The fourth largest Southern Hemisphere ozone hole is at the end of November

This 2023 season, the ozone hole over Antarctica is puzzling because of its unusual shape. Copernicus Atmospheric Monitoring Service (CAMS) data showed that in late November, the size of the ozone hole in the Southern Hemisphere had a series of rebounds, decreasing until it normally closed. This behavior raises questions about what’s behind another strange ozone hole season.

The Southern Hemisphere ozone hole is unusually large and typically shrinks until it closes completely in December. Instead, the area of ​​the ozone hole has remained almost unchanged since late October, with continued recovery, at about 15 km2, making it the fourth largest since November 27.

Southern Hemisphere ozone hole area after November 27. 2023 is the 4th largest. Credit: CAMS

The CAMS forecast indicates that the ozone hole will become the largest ever seen in December. CAMS reports that the season has been different since its inception, with an early increase in size to become the 6th largest on records that began in 1979. After that, the size of the ozone hole quickly decreased and returned to the average but stretched out at different times, suggesting that the ozone hole area is outside the 60 degree south parallel region where it is calculated.

Because temperatures are too warm to form polar stratospheric clouds that facilitate chemical ozone depletion, the current situation is linked to the dynamics of the stratosphere and a relatively strong polar vortex rather than chemistry. The ozone hole persists until the polar vortex decays, allowing higher ozone values ​​from the midlatitudes to reach the southern polar stratosphere.

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CAMS data showed unusually long and large ozone holes during the 2020–2022 seasons, with a record late end date in 2020 (28 December, according to CAMS data).

CAMS Director Vincent-Henri Peuch comments: „Since signing the Montreal Protocol, we have drastically reduced our emissions of ozone-depleting substances, allowing space for their recovery in the atmosphere to begin. This is a long process, involving many fluctuating factors. A proper understanding of how the ozone layer is formed is essential. must be monitored. The success of the Montreal Protocol is a testament to how effective measures to protect the global climate can be.”

3D view of ozone hole growth in 2023

The behavior of the Antarctic ozone hole in recent years prompts questions about the impact of global warming, which tends to cool stratospheric temperatures, but also about changes in stratospheric chemistry and dynamics. Ozone depletion is believed to be affected by greenhouse gas emissions, volcanic and wildfire aerosols, or changes in the solar cycle.

Collecting observations of the middle and upper stratosphere is challenging, so it is very difficult to understand the processes in real time, so despite the reduction of emissions of ozone-depleting substances in recent years, large and persistent ozone holes are still a question of research.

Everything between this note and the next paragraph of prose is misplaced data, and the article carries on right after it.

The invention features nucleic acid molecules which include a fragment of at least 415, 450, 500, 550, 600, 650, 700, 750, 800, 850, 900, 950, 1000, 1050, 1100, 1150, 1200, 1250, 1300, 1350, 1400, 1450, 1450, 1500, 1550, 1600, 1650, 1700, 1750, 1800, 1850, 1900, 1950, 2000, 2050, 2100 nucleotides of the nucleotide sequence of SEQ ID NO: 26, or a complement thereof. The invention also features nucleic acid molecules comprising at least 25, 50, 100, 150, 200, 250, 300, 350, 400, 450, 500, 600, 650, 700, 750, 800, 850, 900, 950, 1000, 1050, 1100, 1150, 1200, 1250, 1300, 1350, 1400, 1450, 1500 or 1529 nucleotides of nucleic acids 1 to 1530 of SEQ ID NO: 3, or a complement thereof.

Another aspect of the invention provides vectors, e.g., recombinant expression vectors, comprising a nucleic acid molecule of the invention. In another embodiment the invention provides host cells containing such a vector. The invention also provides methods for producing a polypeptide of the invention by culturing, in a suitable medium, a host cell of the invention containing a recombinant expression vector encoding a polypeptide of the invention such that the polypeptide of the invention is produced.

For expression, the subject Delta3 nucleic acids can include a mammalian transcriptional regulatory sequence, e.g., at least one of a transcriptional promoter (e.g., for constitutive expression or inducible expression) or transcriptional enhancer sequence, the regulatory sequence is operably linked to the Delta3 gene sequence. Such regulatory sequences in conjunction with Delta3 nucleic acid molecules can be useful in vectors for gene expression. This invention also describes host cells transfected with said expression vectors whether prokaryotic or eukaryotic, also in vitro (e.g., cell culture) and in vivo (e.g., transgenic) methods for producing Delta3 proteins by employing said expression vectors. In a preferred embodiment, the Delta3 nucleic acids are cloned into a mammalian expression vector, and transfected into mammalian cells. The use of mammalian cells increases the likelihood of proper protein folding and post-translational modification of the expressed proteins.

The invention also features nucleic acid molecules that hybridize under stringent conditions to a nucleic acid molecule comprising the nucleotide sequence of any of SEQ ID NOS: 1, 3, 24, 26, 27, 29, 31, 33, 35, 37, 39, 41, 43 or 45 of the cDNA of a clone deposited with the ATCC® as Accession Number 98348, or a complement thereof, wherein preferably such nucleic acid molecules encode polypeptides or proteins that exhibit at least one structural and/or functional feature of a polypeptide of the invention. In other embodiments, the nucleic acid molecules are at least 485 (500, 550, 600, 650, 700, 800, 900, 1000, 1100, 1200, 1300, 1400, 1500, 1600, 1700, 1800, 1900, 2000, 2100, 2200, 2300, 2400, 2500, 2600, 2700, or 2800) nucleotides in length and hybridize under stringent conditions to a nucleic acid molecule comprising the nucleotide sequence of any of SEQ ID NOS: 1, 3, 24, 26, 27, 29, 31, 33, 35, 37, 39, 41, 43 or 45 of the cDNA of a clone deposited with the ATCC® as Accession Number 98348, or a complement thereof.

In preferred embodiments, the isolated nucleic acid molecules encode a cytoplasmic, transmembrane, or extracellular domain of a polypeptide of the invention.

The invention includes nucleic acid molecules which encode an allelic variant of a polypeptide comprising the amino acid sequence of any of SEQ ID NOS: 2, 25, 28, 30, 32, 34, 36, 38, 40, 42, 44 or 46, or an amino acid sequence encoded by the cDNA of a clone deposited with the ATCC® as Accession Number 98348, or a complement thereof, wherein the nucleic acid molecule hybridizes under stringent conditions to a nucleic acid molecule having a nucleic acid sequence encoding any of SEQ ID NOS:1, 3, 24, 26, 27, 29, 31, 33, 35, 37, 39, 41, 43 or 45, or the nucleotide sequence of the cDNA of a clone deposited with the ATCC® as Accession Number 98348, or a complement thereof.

It is also yet to be determined whether the last ozone hole seasons are related to climate change or reflect a long-term trend of delaying ozone recovery.

NASA and NOAA reported the 2023 ozone hole as the 12th single-day record and 16th largest averaged from September 7 to October 13. Different agencies use different methods to measure the ozone hole.

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CAMS defines the ozone hole region where total column values ​​are 220 Dobson units below the 60 degree south parallel pole.

According to Doctor Amy H Butler, an atmospheric scientist at NOAA, said stratospheric temperatures could mark daily record lows for this time of year, leading to this unusually large and delayed ozone hole. Dr. Butler, like many scientists, suggests a possible influence of water vapor injected into the stratosphere by the Hanga-Tonka volcano in 2022. But Dr. Butler points to research that positive southern ring events may be delayed during the austral summer. „end stratospheric warming” that normally closes the ozone hole. A positive southern annual mode is associated with periods of higher than normal pressure in regions around Antarctica and lower than average pressure over Antarctica.

A recent study Published in Nature Communications Focus on „Potential Drivers of Recent Large Antarctic Ozone Holes”. Noting the 2020-2022 ozone hole seasons, „Large, long-lived ozone holes reappear in Antarctica.” According to the paper.

The authors examine the monthly evolution of the ozone hole because September is considered the most important indicator of changes in atmospheric chemistry, while October and November are considered to be dominated by stratospheric dynamics.

The research points to a slight recovery in September, reversing the negative trend seen in October and November since 2001. Also, the researchers found a significant reduction in the total column of ozone from 2004 to 2022 in the center of the ozone hole.

The ozone layer protects life on Earth from harmful ultraviolet (UV) radiation. The ozone hole has an impact on atmospheric circulation, particularly in the Southern Hemisphere.

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During the austral spring, ozone depletion products accumulated in the stratosphere interact with solar radiation and stratospheric clouds, fueled by extremely cold temperatures, forming what we now call the ozone hole.

In 1987, a few years after the ozone hole theory was confirmed, the Montreal Protocol agreed to the ban of ozone-depleting substances. The agreement is considered the first global effort to protect the planet. And while this success may avoid further damage to the ozone layer, many other factors affect ozone depletion and therefore delay recovery.

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